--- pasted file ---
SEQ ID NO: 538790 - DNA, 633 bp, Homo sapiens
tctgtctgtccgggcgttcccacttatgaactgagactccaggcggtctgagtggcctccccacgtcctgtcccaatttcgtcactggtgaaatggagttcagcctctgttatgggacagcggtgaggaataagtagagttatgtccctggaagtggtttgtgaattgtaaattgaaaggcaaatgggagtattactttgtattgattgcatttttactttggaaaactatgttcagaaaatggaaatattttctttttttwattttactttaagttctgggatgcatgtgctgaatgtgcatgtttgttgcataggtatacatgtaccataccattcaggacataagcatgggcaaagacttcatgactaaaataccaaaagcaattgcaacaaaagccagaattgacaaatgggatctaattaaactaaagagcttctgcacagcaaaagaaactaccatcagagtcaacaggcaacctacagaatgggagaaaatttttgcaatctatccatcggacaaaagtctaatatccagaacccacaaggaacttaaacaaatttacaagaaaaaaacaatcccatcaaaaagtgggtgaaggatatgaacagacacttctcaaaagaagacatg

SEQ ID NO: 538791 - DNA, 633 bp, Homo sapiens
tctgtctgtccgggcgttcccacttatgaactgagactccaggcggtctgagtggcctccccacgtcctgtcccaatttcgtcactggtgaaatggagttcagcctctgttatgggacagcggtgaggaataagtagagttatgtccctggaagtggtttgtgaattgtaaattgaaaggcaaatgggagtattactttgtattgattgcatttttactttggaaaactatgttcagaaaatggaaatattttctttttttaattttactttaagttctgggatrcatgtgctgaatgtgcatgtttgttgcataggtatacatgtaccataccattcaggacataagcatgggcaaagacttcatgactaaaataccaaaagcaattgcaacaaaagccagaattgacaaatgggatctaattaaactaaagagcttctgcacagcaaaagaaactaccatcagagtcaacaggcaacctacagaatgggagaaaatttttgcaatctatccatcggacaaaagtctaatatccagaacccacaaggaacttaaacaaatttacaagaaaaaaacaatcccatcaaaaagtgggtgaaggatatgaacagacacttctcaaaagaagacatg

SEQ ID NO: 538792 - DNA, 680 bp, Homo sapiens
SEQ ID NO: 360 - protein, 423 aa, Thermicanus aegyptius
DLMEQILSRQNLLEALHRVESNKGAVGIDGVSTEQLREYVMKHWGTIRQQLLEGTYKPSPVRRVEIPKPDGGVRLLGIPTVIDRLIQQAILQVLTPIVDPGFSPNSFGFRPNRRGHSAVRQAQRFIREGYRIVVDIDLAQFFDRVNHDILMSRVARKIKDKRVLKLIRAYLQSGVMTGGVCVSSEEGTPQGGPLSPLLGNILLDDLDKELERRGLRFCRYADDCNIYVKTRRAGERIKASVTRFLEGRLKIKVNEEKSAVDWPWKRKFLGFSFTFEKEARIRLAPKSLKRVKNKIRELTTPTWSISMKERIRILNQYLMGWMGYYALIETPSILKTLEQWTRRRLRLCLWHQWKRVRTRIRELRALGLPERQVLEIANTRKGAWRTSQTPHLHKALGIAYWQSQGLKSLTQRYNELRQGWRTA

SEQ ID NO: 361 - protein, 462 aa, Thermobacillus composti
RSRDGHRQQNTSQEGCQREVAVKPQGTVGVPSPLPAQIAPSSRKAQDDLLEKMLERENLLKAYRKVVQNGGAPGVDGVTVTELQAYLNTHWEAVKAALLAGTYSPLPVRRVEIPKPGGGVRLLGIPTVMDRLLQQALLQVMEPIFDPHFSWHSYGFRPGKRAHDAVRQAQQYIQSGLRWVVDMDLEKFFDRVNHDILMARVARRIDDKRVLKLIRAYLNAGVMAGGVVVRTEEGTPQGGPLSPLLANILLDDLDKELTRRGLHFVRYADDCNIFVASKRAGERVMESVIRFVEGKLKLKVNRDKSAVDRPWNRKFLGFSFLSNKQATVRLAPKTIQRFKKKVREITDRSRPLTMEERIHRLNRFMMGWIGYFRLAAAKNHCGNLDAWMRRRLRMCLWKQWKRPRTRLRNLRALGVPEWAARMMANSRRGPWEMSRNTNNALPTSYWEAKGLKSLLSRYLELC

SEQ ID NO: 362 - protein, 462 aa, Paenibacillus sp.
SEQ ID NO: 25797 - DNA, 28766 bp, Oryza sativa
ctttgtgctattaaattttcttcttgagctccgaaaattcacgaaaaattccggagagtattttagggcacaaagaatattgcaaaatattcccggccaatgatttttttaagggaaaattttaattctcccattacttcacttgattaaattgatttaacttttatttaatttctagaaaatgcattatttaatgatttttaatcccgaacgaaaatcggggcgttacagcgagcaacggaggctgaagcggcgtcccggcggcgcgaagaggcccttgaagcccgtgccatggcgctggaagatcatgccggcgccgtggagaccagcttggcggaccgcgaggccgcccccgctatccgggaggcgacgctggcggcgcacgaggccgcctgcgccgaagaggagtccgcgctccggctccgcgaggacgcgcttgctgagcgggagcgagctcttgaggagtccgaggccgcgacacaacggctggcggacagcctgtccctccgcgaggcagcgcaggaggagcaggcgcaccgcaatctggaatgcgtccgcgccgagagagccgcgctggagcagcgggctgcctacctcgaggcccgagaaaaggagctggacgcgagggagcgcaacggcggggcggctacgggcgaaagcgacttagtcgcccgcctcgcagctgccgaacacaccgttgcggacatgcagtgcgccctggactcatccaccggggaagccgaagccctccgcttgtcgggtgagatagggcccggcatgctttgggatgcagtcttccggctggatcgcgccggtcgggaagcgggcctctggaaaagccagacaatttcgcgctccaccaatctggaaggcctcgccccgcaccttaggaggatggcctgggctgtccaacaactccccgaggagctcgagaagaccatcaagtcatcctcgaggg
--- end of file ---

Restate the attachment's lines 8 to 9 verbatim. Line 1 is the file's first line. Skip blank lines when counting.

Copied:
SEQ ID NO: 361 - protein, 462 aa, Thermobacillus composti
RSRDGHRQQNTSQEGCQREVAVKPQGTVGVPSPLPAQIAPSSRKAQDDLLEKMLERENLLKAYRKVVQNGGAPGVDGVTVTELQAYLNTHWEAVKAALLAGTYSPLPVRRVEIPKPGGGVRLLGIPTVMDRLLQQALLQVMEPIFDPHFSWHSYGFRPGKRAHDAVRQAQQYIQSGLRWVVDMDLEKFFDRVNHDILMARVARRIDDKRVLKLIRAYLNAGVMAGGVVVRTEEGTPQGGPLSPLLANILLDDLDKELTRRGLHFVRYADDCNIFVASKRAGERVMESVIRFVEGKLKLKVNRDKSAVDRPWNRKFLGFSFLSNKQATVRLAPKTIQRFKKKVREITDRSRPLTMEERIHRLNRFMMGWIGYFRLAAAKNHCGNLDAWMRRRLRMCLWKQWKRPRTRLRNLRALGVPEWAARMMANSRRGPWEMSRNTNNALPTSYWEAKGLKSLLSRYLELC